In October, the U.S. Bureau of Labor Statistics reports that there were 20,200 more jobs in the region than a year earlier (October 2012). That's the second-biggest 12-month increase in jobs in October in the past 20 years (both in absolute and percentage terms), and it's almost as big as the previous record for October, the 20,400 jobs added between 1999 and 2000. Job growth in July, August and September was also among the highest experienced in those months in the past two decades.
The bad news is that even 20,000 net new jobs in a 12-month period still falls far short of where we need to be:
* The 20,000 new jobs in a year is less than we need merely to ensure the region's high school graduates can find work. High schools in the Pittsburgh metropolitan area have been graduating between 23,000 and 25,000 students each year since the recession began, for a total of nearly 120,000 new workers over the past five years. Yet we only have 28,700 more jobs today than five years ago, which is barely enough for the 27,000 high school grads who said they were going directly into the workforce over the past five years, much less the more than 90,000 others who will be looking for jobs after completing college.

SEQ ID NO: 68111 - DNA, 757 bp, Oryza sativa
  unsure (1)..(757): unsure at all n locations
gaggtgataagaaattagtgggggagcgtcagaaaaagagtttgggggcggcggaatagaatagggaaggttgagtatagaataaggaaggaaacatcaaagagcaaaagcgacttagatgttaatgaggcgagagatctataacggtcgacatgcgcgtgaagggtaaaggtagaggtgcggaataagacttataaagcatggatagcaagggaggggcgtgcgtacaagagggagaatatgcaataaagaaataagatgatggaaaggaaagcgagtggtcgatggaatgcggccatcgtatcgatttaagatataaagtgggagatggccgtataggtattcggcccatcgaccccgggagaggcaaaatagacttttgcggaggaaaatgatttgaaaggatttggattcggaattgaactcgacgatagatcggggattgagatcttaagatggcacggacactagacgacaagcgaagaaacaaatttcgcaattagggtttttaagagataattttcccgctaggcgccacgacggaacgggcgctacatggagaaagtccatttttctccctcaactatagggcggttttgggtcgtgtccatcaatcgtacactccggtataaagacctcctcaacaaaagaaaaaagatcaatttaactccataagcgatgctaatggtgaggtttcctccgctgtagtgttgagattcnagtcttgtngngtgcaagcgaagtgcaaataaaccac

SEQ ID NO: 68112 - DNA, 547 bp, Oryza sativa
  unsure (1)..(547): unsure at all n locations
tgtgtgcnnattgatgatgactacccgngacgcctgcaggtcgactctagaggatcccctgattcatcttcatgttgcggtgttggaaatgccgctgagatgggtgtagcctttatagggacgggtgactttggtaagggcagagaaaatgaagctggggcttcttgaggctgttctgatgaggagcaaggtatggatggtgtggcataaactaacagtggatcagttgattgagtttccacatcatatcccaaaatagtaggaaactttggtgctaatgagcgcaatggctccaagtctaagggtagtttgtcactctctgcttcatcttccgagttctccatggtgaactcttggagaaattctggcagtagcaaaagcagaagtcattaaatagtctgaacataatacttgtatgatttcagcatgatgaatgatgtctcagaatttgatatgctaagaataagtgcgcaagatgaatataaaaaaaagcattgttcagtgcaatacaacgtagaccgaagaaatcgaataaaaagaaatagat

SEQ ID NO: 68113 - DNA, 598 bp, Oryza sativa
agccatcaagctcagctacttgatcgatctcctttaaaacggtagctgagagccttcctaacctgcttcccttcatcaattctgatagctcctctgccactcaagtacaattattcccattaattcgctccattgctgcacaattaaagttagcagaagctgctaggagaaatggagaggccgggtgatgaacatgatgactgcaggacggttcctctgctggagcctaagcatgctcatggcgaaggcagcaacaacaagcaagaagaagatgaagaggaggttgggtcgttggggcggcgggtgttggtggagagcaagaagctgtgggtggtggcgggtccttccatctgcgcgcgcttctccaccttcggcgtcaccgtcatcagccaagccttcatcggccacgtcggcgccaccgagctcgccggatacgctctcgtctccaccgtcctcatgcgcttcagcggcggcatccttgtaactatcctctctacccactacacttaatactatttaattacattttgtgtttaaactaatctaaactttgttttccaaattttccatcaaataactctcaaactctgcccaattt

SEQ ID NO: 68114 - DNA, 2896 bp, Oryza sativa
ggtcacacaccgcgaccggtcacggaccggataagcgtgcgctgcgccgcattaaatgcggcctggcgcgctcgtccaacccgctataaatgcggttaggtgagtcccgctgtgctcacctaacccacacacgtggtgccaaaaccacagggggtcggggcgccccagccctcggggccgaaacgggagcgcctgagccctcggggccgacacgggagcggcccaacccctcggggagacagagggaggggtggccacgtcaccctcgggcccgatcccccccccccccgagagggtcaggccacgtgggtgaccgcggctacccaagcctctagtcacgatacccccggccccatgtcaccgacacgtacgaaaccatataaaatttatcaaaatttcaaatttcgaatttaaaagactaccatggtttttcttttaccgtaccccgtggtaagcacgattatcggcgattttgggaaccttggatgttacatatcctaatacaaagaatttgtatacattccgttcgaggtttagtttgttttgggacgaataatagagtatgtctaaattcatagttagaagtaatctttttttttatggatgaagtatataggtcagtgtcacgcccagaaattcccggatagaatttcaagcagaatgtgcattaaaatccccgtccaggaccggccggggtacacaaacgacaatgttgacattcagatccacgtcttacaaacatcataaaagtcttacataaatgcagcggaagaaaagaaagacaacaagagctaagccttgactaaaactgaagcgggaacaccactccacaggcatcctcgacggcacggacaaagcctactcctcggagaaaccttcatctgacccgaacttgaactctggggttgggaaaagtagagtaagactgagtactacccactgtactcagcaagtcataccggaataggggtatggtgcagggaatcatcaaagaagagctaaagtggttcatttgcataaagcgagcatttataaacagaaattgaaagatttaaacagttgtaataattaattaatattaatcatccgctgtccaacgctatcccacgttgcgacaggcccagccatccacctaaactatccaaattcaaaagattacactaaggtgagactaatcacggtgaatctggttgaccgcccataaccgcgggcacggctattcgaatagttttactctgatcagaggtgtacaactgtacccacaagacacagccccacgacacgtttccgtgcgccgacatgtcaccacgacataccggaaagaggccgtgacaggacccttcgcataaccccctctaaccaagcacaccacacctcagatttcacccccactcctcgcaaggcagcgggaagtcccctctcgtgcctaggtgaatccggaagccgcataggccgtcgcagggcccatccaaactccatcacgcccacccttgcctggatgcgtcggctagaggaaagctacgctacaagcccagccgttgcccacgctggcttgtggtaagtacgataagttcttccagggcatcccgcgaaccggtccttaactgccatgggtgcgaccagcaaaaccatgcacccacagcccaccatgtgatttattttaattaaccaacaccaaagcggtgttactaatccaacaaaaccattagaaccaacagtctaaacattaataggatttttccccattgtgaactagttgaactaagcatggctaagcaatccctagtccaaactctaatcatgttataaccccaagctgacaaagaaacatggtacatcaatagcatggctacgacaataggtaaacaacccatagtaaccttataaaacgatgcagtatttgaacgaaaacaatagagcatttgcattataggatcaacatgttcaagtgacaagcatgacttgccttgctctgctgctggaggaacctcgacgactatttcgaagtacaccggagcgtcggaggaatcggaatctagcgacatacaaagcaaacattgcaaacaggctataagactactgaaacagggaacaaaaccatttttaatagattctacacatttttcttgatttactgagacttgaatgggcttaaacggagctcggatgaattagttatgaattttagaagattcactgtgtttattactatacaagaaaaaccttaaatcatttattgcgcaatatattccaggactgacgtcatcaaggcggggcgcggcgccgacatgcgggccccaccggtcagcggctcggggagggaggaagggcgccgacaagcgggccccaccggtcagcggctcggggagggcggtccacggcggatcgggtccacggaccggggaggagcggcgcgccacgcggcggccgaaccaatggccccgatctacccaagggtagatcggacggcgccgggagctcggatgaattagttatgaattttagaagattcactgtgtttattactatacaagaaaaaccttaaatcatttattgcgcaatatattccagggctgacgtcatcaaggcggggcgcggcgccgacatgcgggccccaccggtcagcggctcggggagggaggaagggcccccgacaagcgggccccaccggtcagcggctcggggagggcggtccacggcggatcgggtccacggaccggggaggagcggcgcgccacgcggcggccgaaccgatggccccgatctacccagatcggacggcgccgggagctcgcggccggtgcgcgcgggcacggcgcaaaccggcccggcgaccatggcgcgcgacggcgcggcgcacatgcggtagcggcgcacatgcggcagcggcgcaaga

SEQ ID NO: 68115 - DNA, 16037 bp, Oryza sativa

* There were still more than 90,000 southwestern Pennsylvanians unemployed in August (the most recent data available). Even if the region continues to create 20,000 net new jobs per year and even if unemployed workers could qualify for all of those jobs, it would still take at least two years just to reduce unemployment to pre-recession levels.
Perhaps the worst news of all is that hidden within the increase in total jobs is the fact that one of our most important economic sectors -- manufacturing -- lost 1,200 jobs over the past year, a significant setback for the thousands of unemployed manufacturing workers who are still trying to find work. In contrast, 19 of the top 40 metropolitan regions added manufacturing jobs over the past year, and only five other major regions had bigger losses of manufacturing jobs than Pittsburgh.